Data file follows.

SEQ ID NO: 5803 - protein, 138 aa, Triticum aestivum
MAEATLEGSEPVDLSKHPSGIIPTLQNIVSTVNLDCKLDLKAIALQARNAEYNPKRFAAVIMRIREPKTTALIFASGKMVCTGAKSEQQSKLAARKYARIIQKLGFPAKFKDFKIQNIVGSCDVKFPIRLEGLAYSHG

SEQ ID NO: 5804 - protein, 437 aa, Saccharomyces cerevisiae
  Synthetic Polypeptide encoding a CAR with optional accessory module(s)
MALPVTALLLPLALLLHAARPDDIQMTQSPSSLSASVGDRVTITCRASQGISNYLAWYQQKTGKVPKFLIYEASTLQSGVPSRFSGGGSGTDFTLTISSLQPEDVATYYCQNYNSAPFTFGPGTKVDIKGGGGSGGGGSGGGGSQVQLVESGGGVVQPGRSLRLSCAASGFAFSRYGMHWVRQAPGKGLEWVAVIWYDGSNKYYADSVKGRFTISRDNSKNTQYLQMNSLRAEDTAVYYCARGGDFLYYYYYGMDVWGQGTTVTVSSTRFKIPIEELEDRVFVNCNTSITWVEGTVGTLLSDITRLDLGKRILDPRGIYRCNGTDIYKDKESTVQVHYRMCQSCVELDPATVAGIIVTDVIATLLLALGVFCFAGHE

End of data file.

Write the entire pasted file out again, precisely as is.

SEQ ID NO: 5803 - protein, 138 aa, Triticum aestivum
MAEATLEGSEPVDLSKHPSGIIPTLQNIVSTVNLDCKLDLKAIALQARNAEYNPKRFAAVIMRIREPKTTALIFASGKMVCTGAKSEQQSKLAARKYARIIQKLGFPAKFKDFKIQNIVGSCDVKFPIRLEGLAYSHG

SEQ ID NO: 5804 - protein, 437 aa, Saccharomyces cerevisiae
  Synthetic Polypeptide encoding a CAR with optional accessory module(s)
MALPVTALLLPLALLLHAARPDDIQMTQSPSSLSASVGDRVTITCRASQGISNYLAWYQQKTGKVPKFLIYEASTLQSGVPSRFSGGGSGTDFTLTISSLQPEDVATYYCQNYNSAPFTFGPGTKVDIKGGGGSGGGGSGGGGSQVQLVESGGGVVQPGRSLRLSCAASGFAFSRYGMHWVRQAPGKGLEWVAVIWYDGSNKYYADSVKGRFTISRDNSKNTQYLQMNSLRAEDTAVYYCARGGDFLYYYYYGMDVWGQGTTVTVSSTRFKIPIEELEDRVFVNCNTSITWVEGTVGTLLSDITRLDLGKRILDPRGIYRCNGTDIYKDKESTVQVHYRMCQSCVELDPATVAGIIVTDVIATLLLALGVFCFAGHE